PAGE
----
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© Prentice Hall 2001Chapter 21 Alkanes - Isomerism
© Prentice Hall 2001Chapter 22 Nomenclature Organic nomenclature is based on a class of compounds known as alkanes Contain only carbon and hydrogen All carbon atoms are sp 3 hybridized
© Prentice Hall 2001Chapter 23 Nomenclature International Union of Pure and Applied Chemistry (IUPAC) has established the system We will refer to names derived from this system as systematic nomenclature or IUPAC nomenclature (shown in blue) Additional names such as isopentane and neopentane are common names (shown in red) A compound may have more than one name BUT a name must specify only one compound
© Prentice Hall 2001Chapter 24 Nomenclature Typically any unspecified alkyl group is represented as R-
© Prentice Hall 2001Chapter 25 Nomenclature Alkyl substituent group names are combined as needed with the alkane name for the longest continuous straight chain to constitute a compound name Note that these compounds all have the formula C 7 H 16 ; they are isomers
© Prentice Hall 2001Chapter 26 IUPAC Systematic Nomenclature - Alkanes 1.Determine longest continuous chain (i.e. parent hydrocarbon) 2.Cite the name of substituent before the name of the parent hydrocarbon along with the number of the carbon to which it is attached
© Prentice Hall 2001Chapter 27 IUPAC Systematic Nomenclature - Alkanes 3.Number in the direction that gives the lower number for the lowest-numbered substituent. Substituents are listed in alphabetical order – neglecting prefixes such as di- tri- tert- etc.
© Prentice Hall 2001Chapter 28 IUPAC Systematic Nomenclature - Alkanes 4.When both directions yield the same lower number for the lowest numbered substituent, select the direction that yields the lower number for the next lowest numbered substituent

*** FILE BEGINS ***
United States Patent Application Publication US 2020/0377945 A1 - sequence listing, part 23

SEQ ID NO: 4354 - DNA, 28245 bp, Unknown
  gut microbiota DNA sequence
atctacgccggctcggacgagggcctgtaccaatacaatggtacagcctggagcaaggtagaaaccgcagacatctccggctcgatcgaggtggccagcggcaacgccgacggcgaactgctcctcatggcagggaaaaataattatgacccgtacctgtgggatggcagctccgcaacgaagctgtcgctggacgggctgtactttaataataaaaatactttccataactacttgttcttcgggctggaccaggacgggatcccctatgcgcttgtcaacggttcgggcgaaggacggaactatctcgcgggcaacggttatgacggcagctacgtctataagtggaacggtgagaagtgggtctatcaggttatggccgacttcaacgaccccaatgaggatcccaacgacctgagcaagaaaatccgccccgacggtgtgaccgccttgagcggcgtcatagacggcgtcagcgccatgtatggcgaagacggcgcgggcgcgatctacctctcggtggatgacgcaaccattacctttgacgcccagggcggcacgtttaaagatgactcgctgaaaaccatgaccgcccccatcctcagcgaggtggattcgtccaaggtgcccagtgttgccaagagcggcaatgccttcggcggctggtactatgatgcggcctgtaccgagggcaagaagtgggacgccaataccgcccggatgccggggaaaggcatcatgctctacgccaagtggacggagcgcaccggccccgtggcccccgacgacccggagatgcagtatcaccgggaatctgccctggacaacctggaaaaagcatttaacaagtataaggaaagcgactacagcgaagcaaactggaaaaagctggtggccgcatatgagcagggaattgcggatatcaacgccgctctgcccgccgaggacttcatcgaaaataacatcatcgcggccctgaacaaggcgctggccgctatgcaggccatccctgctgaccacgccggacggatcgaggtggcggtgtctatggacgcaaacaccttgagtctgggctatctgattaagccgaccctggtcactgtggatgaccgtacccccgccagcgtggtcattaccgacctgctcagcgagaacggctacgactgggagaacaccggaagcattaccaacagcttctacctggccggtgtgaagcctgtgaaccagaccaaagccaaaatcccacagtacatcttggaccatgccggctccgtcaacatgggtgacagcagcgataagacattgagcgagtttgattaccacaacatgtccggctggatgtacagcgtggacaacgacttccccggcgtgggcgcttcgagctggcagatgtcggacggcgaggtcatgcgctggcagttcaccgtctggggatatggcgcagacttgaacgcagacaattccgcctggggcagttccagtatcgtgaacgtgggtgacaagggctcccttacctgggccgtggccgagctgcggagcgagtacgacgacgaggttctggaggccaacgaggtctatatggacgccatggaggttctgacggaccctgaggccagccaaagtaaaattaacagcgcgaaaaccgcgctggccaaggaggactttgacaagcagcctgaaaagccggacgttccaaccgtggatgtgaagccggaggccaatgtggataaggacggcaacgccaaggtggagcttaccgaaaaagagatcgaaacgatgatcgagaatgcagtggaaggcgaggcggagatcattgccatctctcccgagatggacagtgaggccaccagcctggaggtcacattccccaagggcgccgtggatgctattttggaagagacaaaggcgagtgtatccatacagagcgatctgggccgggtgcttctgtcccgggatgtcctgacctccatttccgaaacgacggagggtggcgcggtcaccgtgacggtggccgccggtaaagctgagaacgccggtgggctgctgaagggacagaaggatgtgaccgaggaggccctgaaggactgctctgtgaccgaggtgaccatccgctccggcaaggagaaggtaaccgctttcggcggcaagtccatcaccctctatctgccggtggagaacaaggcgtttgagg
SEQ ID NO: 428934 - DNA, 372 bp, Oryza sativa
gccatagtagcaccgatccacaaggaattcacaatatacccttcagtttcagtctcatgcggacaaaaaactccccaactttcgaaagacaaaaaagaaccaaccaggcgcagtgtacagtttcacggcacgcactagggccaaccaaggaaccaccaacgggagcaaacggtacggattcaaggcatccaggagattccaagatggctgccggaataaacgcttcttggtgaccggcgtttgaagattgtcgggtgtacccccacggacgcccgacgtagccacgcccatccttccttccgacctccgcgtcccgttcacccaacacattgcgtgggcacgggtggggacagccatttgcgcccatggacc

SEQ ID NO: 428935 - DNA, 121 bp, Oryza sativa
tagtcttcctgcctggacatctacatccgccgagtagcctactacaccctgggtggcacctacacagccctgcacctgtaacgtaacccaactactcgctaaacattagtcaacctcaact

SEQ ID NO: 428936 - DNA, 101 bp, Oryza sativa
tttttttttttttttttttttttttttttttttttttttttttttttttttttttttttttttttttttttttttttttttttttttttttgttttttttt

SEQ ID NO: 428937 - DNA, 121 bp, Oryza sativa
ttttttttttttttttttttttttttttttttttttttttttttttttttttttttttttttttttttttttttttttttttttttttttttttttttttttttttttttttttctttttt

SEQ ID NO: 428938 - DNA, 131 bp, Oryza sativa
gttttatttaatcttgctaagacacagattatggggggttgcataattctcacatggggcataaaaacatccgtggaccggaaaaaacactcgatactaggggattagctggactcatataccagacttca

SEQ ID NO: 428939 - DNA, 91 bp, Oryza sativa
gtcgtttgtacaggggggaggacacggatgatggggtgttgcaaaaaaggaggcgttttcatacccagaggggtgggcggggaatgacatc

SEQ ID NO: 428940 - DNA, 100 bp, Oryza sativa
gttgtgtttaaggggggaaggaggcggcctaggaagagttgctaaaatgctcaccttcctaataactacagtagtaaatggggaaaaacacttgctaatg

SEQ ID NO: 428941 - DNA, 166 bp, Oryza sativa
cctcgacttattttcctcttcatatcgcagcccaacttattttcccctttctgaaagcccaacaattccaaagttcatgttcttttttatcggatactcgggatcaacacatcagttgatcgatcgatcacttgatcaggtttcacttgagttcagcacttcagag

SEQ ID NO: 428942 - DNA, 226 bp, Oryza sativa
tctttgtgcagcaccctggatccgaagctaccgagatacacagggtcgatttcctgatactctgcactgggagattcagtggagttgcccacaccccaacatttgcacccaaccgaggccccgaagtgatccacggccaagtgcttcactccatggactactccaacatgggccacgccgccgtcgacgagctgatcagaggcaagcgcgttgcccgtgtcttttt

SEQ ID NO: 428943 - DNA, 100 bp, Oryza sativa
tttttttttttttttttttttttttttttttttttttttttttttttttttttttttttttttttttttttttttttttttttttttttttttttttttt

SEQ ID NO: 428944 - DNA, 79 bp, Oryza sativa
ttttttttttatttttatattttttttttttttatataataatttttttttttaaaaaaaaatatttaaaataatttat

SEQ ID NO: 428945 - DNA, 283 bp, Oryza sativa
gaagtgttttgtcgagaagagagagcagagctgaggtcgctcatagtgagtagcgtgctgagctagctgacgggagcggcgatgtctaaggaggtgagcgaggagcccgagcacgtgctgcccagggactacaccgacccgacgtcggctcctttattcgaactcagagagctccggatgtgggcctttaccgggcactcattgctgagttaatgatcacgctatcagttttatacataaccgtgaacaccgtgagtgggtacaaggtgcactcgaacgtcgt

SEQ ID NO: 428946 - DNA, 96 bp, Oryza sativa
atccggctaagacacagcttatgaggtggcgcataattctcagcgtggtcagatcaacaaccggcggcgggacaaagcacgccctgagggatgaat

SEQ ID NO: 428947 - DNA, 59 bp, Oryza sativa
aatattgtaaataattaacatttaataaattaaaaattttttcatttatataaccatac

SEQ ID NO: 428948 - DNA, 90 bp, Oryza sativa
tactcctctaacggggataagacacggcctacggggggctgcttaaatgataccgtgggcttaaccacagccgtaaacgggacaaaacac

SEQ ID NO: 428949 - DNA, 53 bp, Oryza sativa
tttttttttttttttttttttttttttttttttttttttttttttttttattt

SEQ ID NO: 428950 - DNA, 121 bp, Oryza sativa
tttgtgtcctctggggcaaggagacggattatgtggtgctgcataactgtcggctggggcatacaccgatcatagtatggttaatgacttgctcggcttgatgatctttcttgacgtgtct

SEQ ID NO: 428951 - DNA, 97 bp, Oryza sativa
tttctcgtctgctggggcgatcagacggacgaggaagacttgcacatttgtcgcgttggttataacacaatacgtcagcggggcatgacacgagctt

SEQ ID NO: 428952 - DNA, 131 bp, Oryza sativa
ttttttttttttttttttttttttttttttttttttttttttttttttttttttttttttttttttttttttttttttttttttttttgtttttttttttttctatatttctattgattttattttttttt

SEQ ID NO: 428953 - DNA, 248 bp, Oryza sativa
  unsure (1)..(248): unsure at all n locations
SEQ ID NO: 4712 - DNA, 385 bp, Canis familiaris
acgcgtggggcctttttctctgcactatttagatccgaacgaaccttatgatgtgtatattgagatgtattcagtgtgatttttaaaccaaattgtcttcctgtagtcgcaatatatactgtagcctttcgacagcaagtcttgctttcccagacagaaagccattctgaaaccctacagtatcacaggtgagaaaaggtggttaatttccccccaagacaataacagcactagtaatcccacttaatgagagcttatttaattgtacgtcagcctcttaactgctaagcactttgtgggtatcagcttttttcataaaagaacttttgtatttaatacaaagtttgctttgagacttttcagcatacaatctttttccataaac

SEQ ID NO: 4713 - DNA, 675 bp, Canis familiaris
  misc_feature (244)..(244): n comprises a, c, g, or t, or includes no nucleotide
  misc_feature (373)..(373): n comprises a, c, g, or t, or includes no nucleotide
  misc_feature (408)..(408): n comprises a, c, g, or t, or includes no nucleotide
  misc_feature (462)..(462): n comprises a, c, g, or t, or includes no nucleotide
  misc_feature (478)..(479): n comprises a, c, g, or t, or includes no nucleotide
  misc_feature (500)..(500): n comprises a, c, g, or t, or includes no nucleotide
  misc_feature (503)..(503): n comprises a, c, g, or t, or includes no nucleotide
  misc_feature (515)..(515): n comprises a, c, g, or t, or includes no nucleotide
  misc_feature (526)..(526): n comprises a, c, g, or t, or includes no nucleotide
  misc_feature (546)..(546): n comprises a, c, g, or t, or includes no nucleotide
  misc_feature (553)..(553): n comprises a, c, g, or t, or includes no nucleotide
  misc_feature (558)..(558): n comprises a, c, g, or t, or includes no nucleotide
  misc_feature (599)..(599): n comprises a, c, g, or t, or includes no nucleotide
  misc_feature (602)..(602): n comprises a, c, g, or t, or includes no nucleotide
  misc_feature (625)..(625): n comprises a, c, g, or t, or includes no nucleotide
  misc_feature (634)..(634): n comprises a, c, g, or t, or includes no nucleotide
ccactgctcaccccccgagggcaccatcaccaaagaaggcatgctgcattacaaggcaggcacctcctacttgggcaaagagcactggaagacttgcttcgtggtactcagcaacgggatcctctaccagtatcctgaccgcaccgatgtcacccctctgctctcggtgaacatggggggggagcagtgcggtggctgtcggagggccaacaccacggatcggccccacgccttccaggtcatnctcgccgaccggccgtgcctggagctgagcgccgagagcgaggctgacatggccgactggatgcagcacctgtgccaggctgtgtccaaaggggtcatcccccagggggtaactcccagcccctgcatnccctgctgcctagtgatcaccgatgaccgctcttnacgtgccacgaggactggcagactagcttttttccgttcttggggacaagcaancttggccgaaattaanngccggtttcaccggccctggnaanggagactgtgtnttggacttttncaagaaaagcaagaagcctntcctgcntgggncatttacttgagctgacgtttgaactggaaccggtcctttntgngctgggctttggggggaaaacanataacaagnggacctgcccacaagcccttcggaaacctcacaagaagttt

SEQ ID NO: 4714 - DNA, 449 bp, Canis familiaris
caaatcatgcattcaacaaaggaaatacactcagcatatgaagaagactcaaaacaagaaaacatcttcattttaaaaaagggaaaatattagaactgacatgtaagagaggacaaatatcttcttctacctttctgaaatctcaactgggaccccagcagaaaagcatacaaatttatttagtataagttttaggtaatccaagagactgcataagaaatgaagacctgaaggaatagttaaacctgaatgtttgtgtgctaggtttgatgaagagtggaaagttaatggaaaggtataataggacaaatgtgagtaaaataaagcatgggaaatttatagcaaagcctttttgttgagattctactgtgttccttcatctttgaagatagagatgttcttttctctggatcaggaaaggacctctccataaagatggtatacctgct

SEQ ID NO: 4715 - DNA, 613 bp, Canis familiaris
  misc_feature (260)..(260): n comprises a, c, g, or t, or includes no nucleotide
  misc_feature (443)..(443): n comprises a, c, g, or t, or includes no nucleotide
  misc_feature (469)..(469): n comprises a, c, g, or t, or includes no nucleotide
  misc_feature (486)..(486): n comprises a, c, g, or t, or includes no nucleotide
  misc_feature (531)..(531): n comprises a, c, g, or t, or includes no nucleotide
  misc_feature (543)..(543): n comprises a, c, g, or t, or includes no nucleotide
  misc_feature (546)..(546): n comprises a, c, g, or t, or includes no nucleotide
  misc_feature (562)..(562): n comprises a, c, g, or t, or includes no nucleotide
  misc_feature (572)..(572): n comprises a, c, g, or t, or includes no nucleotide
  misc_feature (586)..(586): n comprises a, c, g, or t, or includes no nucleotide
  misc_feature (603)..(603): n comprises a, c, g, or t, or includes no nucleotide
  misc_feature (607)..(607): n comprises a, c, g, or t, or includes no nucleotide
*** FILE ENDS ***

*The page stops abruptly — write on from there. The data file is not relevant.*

© Prentice Hall 2001Chapter 29 IUPAC Systematic Nomenclature - Alkanes 5.If same substituent numbers are obtained in either direction, number in direction giving lowest number to the first named substituent
© Prentice Hall 2001Chapter 210 IUPAC Systematic Nomenclature - Alkanes 6.If compound has two or more chains of the same length, parent hydrocarbon is chain with greatest number of substituents
© Prentice Hall 2001Chapter 211 IUPAC Systematic Nomenclature - Alkanes 7.Names such as sec-butyl and tert-butyl are acceptable, but systematic substituent names are preferable Numbering of the substituent begins with the carbon attached to the parent hydrocarbon This number together with the substituent name is placed inside parentheses
© Prentice Hall 2001Chapter 212 Alkyl Nomenclature A primary carbon is one that is bonded to only one other carbon, frequently represented by 1 A primary hydrogen is attached to a primary carbon
© Prentice Hall 2001Chapter 213 Alkyl Nomenclature A secondary carbon is one that is bonded to two other carbons, represented by 2 , also by sec- or s- A secondary hydrogen is attached to a secondary carbon
© Prentice Hall 2001Chapter 214 Alkyl Nomenclature A tertiary carbon is one that is bonded to three other carbons, represented by 3 , also by tert- or t- A tertiary hydrogen is attached to a tertiary carbon
© Prentice Hall 2001Chapter 215 Alkyl Nomenclature Reactivity often depends on whether a carbon or hydrogen is 1 , 2 , or 3
© Prentice Hall 2001Chapter 216 Nomenclature of Cycloalkanes Cycloalkanes generally are shown as skeletal structures
© Prentice Hall 2001Chapter 217 Nomenclature of Cycloalkanes 1.Ring is the parent hydrocarbon unless the alkyl substituent has more carbons; in that case the substituent becomes the parent hydrocarbon If only one substituent, no need to give it a number
© Prentice Hall 2001Chapter 218 Nomenclature of Cycloalkanes 2.If the ring has 2 substituents, list in alphabetical order and give number 1 to first named group
© Prentice Hall 2001Chapter 219 Nomenclature of Cycloalkanes 3.If there is more than one substituent, list in alphabetical order; one substituent is given the position number 1; number either clockwise or counterclockwise - lowest numbers
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